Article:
As we talk about the modern man this month, David’s question strikes me as particularly apropos given the pressures on the man. Let’s start by debunking some of our most dear assumptions about men.

    Men are under pressure in life, and in the bedroom, to be untiring, masterful and dominant. It’s assumed men are always up for sex and women’s interest is much less, and subjective. It’s time we stop this oversimplification of men.

    For many men, identity and self-esteem are bound up with sexuality. This explains why David is more likely to feel ashamed when he has no desire.

    Throughout the month we will talk about the stereotypes surrounding masculinity and the shifting roles of men. But to start, here are some tips that that I hope will help David and many men out there.

    Bring your Partner into the Conversation

    David, your wife might buy your story about back pain but underneath she is wondering about her lack of desirability. It’s time to talk with your wife. Maybe you are exhausted at the end of each day and find it hard to shift gears. Or you have worries about your performance. Perhaps you are afraid you don’t turn her on. Something is turning you off.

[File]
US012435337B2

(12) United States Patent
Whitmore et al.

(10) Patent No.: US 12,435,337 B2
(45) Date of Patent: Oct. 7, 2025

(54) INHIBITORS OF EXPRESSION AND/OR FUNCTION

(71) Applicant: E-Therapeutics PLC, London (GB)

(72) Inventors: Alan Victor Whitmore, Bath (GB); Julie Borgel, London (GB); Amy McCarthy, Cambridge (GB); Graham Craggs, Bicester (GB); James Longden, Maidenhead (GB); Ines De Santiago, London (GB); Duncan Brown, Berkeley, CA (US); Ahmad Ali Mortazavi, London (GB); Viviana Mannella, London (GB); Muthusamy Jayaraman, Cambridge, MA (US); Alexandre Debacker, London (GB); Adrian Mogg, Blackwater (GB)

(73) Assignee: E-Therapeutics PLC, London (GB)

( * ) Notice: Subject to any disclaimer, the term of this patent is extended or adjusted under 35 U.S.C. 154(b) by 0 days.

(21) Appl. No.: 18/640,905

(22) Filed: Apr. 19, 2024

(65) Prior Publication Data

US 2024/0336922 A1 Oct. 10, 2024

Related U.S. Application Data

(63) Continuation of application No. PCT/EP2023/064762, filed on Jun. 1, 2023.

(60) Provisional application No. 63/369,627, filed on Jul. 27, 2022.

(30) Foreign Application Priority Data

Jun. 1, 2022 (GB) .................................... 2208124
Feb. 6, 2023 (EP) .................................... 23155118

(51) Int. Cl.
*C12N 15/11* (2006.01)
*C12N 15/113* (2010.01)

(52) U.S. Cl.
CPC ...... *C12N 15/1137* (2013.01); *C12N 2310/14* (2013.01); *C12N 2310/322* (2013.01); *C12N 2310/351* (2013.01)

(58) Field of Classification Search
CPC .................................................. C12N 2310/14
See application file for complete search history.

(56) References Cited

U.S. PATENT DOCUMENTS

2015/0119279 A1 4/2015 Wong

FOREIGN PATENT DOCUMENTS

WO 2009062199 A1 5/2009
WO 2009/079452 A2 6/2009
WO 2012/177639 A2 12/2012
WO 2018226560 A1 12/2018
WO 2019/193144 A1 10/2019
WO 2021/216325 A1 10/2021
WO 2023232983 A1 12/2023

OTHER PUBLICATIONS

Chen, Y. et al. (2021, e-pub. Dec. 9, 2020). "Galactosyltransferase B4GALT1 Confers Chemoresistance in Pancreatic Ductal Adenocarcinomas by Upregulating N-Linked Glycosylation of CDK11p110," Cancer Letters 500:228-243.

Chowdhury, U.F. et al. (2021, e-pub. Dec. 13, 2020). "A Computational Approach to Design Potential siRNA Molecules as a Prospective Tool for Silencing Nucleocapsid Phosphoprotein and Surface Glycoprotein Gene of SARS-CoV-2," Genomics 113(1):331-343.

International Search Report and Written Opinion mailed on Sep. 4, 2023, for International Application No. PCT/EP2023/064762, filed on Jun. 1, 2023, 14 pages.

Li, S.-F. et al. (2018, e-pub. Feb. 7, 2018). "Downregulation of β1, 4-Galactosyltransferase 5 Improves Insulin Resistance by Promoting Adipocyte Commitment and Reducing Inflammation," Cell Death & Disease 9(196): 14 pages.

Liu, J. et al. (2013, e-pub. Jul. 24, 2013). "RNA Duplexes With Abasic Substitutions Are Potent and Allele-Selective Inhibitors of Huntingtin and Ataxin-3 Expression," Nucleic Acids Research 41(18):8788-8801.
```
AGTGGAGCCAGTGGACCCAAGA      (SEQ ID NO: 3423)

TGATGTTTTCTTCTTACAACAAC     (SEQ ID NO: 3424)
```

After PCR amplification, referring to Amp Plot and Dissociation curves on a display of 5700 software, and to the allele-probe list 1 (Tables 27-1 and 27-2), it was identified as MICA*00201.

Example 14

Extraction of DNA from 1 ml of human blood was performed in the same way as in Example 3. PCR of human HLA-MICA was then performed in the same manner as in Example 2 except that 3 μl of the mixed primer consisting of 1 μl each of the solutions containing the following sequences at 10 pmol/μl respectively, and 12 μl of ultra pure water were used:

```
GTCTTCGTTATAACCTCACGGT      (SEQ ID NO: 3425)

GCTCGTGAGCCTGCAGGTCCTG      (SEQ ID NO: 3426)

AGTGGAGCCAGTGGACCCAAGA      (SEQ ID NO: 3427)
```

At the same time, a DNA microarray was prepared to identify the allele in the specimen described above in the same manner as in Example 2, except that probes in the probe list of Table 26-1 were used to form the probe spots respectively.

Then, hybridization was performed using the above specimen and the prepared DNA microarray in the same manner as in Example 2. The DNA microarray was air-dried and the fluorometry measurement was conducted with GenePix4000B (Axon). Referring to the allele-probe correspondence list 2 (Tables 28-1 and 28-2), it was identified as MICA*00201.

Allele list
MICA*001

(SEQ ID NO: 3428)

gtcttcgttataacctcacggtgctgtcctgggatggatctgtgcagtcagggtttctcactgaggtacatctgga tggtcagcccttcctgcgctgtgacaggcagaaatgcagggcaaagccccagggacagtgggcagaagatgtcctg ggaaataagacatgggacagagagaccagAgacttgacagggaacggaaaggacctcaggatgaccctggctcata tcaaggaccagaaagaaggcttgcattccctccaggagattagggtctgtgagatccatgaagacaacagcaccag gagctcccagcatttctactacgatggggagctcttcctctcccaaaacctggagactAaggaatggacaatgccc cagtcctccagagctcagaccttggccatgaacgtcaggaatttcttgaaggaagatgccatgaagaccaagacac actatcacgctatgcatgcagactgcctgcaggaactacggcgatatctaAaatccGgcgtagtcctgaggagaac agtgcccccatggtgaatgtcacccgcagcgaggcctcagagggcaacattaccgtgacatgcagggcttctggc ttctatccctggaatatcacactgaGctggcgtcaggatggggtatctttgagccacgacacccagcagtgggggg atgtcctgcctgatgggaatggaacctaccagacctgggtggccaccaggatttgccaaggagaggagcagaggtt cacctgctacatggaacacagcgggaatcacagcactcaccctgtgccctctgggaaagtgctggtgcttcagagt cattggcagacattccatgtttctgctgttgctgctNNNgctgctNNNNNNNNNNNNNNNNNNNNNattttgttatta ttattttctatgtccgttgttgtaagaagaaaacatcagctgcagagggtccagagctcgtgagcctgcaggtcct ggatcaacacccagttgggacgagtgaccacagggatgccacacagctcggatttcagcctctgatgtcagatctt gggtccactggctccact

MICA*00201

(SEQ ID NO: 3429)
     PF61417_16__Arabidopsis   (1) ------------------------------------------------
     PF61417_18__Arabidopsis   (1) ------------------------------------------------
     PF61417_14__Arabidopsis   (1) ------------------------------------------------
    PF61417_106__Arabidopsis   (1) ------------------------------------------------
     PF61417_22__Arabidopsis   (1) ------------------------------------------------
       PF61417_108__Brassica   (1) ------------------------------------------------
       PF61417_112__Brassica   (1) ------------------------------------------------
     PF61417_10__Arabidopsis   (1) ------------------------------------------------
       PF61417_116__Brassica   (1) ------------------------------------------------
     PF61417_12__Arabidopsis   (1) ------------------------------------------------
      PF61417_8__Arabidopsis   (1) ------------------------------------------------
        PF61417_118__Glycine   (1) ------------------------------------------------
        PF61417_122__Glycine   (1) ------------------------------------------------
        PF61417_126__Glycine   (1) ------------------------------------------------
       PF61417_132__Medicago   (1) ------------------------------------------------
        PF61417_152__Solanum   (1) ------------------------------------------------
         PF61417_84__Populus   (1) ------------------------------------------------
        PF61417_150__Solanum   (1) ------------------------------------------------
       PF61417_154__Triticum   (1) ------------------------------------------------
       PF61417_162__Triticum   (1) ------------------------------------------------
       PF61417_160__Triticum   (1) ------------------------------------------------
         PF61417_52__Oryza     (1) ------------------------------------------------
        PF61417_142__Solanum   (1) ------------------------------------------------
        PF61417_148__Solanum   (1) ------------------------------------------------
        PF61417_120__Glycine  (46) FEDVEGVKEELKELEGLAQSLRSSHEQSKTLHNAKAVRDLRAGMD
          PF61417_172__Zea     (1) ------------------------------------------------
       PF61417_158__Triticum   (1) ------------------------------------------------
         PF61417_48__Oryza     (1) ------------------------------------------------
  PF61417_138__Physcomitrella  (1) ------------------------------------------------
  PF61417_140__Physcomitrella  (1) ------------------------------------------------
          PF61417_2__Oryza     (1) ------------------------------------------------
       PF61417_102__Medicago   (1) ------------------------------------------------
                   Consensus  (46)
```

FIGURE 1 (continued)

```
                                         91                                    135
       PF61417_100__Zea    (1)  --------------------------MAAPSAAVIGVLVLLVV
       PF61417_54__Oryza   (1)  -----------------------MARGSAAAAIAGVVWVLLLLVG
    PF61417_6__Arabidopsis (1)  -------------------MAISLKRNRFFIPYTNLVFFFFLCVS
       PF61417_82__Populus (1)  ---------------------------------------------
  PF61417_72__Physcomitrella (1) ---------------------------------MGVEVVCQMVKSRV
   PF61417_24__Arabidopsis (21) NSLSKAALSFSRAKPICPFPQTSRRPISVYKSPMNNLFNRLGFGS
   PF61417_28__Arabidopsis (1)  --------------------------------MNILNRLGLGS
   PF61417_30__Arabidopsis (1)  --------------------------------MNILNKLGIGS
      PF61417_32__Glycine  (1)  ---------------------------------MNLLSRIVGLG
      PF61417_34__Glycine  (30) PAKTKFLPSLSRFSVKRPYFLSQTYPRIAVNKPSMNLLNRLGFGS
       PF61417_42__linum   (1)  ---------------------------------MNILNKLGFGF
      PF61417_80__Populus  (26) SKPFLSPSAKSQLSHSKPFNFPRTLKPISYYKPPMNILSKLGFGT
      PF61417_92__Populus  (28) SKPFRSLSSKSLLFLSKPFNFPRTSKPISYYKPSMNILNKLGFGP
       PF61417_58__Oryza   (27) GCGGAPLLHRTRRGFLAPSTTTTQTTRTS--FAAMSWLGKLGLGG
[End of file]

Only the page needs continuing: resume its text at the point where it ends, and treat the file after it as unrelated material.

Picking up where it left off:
Whatever it is, open the conversation, without blame or defensiveness and reveal how you feel and start talking about what turns you on and what blocks you. My post on Role Play and Fantasy can help to open up conversations about sex.

    Check your Mood

    Here is a radical revelation: men and women feel the same way about sex. If a person is anxious, depressed, distracted or feels unattractive, regardless of their gender, they are less likely to be turned on. So check your mood. David may find the answer lies there. And as I often say, sex in a long-relationship is something you have to plan for. This may help to shift the pressure of you alone and help you find playful ways to alter your mood.

    Stop Thinking about Sex

    I would advise David to put himself more into his body and do less ruminating, which takes us out of the experience of pleasure. Forget about “the act” and think about simple starting points to give the other person pleasure, like a shoulder rub. Stop worrying about whether you’re turned on in the moment. And find ways (dancing, exercise, and other physical hobbies that fulfill you) that let you fully inhabit your body.

    What pressures do you feel as a man to perform? Let me know in the comments below. And look out for next week’s post on Masculinity and Assertiveness vs. Aggression.

    The post A Man’s Secret: Performance Anxiety appeared first on Esther Perel.